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William Blake

1757 – 1827

Flagellation of a Female Samboe Slave by William Blake

Flagellation of a Female Samboe Slave   c.1791

  Engraving with etching by William Blake after Stedman.
With Blake’s name in the plate.
Ref: Essick XXXIII 10; Ray 2; Bentley 408a; Keynes 111
S 265 x 207 mm; I 182 x 134 mm
Engraving with etching by William Blake.

Exceptionally fine impression from the first edition, as published in Narrative, of a Five Years’ Expedition, Against the Revolted Negroes of Surinam, by Captain J.G. Stedman (J.Johnson & J.Edwards, London, 1796). Scarce.

This engraving depicts an event which brought out Stedman’s compassion and which he felt “confident must inspire the most unfeeling reader with horror and resentment…... a beautiful Samboe girl of about eighteen, tied up by both arms to a tree, as naked as she came into the world, and lacerated in such a shocking manner by the whips of two negro-drivers, that she was from her neck to her ancles literally dyed over with blood. It was after she had received two hundred lashes that I perceived her, with her head hanging downwards, a most affecting spectacle.” Stedman implored that she be unbound, but due to his interference the overseer doubled the punishment and ordered the negro-drivers to whip her once more: “Thus I had no other remedy but to run to my boat, and leave the detestable monster, like a beast of prey, to enjoy his bloody feast, till he was glutted..... Upon investigating the cause of this matchless barbarity, I was credibly informed, that her only crime consisted in firmly refusing to submit to the loathsome embraces of her detestable executioner. Prompted by his jealousy and revenge, he called this the punishment of disobedience, and she was thus flead alive."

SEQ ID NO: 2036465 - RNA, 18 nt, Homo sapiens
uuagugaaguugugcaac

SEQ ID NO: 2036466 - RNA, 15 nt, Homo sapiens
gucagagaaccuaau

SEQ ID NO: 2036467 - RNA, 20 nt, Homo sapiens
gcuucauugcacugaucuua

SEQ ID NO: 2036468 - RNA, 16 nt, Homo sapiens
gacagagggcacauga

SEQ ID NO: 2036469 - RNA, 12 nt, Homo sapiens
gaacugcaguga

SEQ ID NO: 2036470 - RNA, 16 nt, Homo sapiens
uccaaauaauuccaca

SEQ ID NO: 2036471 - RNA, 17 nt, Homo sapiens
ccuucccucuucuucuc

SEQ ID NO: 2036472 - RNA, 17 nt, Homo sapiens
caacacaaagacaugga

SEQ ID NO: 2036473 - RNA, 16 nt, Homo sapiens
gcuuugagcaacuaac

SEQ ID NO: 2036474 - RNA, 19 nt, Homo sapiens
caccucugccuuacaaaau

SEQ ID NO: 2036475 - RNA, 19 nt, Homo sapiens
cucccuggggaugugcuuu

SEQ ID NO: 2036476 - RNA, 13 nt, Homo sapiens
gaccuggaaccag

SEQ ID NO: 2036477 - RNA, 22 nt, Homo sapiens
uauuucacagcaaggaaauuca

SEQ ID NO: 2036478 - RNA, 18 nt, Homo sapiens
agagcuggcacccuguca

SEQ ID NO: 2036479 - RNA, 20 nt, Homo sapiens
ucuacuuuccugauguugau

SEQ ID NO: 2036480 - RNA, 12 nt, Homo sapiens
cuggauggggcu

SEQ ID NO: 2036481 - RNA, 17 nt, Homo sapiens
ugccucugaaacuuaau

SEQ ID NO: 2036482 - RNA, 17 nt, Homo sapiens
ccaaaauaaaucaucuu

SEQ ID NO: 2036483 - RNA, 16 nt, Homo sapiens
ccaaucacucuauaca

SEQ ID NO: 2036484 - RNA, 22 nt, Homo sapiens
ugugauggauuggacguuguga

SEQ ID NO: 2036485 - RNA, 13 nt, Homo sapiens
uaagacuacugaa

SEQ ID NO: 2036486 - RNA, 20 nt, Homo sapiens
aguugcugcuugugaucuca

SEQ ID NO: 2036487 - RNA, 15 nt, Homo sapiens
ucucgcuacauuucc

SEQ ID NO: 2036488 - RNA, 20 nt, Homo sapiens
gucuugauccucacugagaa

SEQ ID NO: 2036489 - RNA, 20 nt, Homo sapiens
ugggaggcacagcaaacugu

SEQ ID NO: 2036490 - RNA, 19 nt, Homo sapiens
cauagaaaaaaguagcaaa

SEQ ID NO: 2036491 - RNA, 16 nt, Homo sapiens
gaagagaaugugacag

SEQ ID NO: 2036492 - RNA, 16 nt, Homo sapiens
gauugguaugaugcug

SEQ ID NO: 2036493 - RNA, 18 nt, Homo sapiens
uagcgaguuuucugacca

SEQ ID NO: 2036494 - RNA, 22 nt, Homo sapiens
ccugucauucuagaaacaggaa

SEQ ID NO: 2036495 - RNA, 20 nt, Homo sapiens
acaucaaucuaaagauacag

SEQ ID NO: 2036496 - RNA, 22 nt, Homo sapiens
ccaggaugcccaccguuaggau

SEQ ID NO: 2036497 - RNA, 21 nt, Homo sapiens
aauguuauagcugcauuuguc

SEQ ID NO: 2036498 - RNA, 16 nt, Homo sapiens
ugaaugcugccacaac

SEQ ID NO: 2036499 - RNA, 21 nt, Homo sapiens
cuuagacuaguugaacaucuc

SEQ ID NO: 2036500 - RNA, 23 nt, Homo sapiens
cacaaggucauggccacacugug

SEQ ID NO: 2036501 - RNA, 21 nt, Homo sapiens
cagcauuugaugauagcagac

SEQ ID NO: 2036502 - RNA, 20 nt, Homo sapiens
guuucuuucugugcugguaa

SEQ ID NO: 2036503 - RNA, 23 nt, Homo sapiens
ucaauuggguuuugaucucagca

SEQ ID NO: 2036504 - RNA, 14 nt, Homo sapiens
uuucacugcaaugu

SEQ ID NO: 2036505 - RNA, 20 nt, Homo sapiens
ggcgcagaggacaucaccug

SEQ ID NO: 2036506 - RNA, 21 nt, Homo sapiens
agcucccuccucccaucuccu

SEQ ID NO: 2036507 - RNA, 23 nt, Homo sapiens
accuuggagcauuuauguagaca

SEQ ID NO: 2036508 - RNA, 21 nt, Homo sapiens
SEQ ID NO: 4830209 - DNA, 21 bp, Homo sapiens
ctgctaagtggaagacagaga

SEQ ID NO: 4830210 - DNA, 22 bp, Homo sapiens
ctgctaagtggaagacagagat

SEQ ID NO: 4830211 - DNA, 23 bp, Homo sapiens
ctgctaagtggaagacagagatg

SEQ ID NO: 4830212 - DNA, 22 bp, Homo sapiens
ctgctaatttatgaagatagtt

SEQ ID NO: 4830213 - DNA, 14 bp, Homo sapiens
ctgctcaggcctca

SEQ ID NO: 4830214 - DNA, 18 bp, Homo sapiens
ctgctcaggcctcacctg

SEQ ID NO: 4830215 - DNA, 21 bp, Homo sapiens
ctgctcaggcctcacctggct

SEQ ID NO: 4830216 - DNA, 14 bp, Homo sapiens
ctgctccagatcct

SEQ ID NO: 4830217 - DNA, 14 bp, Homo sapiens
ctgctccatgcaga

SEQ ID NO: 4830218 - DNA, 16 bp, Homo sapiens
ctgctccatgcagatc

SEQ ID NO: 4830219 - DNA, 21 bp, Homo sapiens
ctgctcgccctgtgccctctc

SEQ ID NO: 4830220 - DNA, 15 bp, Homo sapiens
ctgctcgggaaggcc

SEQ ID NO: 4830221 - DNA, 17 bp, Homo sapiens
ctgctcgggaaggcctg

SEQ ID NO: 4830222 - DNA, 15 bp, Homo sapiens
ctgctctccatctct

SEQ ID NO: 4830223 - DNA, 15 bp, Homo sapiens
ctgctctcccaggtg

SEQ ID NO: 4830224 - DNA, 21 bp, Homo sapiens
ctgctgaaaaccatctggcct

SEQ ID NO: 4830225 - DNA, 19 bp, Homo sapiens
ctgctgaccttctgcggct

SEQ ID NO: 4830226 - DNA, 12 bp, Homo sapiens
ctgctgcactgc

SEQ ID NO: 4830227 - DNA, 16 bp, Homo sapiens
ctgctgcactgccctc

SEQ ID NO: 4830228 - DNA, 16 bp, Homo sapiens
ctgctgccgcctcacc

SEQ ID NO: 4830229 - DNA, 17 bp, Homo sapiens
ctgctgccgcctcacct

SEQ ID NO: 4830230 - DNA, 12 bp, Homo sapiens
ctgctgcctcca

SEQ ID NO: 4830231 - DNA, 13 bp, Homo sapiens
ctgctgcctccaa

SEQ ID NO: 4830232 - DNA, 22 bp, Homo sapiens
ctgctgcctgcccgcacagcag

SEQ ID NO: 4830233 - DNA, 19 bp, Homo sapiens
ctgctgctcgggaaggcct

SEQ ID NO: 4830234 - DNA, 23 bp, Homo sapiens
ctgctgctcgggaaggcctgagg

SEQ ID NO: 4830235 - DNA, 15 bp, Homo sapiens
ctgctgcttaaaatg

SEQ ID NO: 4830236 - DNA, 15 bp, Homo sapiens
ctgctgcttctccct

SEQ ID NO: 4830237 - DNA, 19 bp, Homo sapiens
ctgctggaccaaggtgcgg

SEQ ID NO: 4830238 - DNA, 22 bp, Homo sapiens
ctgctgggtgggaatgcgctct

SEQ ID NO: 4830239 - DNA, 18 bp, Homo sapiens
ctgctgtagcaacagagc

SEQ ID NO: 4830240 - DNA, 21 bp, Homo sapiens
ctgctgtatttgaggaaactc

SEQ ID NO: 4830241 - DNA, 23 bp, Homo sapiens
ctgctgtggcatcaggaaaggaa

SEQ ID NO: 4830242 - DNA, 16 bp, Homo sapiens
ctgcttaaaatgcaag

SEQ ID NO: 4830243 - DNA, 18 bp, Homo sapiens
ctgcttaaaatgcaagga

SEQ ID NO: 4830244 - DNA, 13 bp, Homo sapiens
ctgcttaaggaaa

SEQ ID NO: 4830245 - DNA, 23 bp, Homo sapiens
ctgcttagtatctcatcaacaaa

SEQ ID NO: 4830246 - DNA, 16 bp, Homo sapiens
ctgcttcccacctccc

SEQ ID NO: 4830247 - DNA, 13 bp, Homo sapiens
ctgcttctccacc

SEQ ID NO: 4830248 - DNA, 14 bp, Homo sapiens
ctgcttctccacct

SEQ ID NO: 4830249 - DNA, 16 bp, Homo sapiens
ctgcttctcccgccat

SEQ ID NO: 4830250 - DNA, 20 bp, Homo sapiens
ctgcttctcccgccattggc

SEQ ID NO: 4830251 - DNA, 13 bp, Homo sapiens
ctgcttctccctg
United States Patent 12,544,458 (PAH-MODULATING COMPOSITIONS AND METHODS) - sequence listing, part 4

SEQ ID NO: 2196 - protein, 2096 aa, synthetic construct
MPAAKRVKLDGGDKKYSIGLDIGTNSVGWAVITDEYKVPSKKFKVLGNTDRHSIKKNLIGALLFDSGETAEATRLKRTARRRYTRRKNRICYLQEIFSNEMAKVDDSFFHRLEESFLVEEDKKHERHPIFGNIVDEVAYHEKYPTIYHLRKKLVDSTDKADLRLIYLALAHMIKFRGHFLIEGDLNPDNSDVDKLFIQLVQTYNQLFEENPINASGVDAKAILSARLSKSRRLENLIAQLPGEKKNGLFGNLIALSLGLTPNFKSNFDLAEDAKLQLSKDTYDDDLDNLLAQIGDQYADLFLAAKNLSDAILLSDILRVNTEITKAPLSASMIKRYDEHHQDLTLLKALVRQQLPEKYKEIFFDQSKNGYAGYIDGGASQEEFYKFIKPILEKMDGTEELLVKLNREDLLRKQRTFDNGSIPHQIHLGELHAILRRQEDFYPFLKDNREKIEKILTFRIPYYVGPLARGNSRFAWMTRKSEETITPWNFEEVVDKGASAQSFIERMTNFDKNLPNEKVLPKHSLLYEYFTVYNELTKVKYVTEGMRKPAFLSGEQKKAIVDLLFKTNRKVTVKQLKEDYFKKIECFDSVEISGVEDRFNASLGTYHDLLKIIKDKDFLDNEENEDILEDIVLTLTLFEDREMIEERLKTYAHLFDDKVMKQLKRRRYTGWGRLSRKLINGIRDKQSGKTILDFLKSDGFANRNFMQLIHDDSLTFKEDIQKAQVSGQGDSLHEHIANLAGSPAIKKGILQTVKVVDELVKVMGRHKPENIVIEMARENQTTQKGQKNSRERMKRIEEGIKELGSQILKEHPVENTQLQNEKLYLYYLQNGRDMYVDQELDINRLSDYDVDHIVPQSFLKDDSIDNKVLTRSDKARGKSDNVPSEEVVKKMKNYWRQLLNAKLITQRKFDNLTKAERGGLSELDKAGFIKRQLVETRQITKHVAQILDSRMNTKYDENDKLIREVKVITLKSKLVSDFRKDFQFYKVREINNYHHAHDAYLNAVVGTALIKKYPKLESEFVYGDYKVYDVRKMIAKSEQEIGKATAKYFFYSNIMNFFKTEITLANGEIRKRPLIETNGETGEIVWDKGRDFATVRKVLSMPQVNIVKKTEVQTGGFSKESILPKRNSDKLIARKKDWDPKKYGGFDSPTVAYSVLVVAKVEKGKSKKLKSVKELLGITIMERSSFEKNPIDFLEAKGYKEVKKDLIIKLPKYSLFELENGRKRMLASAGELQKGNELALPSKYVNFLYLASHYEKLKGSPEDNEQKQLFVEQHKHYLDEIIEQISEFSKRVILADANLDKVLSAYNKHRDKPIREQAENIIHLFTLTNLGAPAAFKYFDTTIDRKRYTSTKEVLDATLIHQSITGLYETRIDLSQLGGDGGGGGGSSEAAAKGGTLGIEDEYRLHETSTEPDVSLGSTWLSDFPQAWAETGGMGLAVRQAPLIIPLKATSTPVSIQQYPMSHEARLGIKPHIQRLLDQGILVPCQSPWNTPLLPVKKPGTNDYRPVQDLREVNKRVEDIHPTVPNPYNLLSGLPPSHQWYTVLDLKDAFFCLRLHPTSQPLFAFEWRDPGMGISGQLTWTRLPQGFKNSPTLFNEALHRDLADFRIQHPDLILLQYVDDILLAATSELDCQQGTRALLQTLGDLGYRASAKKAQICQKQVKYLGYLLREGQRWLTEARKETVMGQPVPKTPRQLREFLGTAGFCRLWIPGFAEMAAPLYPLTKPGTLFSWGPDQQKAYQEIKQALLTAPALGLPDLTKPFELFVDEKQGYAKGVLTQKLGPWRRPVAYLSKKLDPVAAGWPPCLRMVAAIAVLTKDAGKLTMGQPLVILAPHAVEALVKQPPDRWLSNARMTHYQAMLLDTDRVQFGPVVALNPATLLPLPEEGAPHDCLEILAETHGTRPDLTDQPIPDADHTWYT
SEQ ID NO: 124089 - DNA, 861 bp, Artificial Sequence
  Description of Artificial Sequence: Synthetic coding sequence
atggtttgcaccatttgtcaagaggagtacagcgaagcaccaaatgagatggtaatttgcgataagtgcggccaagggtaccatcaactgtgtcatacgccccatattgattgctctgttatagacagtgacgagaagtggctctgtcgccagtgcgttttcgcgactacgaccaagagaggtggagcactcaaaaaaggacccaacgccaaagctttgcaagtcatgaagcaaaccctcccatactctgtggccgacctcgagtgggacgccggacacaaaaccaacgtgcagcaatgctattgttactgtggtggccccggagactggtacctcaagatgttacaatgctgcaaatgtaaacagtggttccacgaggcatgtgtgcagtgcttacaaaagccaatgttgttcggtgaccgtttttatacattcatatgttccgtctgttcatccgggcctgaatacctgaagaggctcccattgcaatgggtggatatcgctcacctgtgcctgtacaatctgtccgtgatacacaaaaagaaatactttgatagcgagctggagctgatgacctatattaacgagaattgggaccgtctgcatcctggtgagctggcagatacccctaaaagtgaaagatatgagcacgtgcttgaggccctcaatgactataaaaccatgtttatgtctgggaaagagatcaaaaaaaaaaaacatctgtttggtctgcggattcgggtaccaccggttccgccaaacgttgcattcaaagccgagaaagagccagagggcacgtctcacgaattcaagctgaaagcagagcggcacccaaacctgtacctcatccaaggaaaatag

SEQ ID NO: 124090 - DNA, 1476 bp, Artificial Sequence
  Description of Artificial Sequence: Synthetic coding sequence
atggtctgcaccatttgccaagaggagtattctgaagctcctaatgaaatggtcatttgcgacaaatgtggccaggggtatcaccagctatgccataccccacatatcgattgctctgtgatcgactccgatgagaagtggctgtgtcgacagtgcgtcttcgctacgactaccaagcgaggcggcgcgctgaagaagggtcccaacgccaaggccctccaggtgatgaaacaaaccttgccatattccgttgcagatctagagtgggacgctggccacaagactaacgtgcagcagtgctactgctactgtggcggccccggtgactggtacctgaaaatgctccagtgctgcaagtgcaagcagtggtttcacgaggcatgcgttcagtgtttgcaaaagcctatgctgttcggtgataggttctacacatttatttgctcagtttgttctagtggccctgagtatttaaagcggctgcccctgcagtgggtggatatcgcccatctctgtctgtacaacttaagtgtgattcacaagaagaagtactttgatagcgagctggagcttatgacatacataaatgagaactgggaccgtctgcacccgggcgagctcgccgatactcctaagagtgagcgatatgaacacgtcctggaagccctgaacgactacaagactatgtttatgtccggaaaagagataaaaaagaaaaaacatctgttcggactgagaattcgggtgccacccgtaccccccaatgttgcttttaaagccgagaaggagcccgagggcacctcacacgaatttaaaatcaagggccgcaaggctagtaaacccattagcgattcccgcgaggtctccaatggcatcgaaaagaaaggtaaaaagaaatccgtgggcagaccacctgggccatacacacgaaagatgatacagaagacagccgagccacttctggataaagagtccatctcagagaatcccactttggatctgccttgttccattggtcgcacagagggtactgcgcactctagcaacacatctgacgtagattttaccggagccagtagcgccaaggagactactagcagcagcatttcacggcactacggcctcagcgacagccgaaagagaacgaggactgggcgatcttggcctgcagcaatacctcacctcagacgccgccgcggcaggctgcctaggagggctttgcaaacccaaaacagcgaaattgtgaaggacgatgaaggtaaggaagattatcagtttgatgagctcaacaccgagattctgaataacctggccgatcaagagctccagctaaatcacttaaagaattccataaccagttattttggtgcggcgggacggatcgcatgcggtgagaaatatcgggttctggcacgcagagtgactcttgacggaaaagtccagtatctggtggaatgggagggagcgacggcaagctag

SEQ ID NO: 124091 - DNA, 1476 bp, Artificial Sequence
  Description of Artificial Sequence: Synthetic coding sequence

The appalling brutality of the treatment of slaves described in Stedman’s book undoubtedly influenced William Blake’s own views on slavery. William Blake had been working on the engravings for this book during the year 1791 and later went on to express his own anti-slavery position in Visions of the daughters of Albion of 1793; more than this, William Blake adapted figures which he had used in the Surinam engravings for the illustrations to his famous America, also of that year.

On warm white antique laid paper, watermarked 1794, with wide margins beyond the image on all sides but trimmed almost on the platemark, as issued. Very fine condition.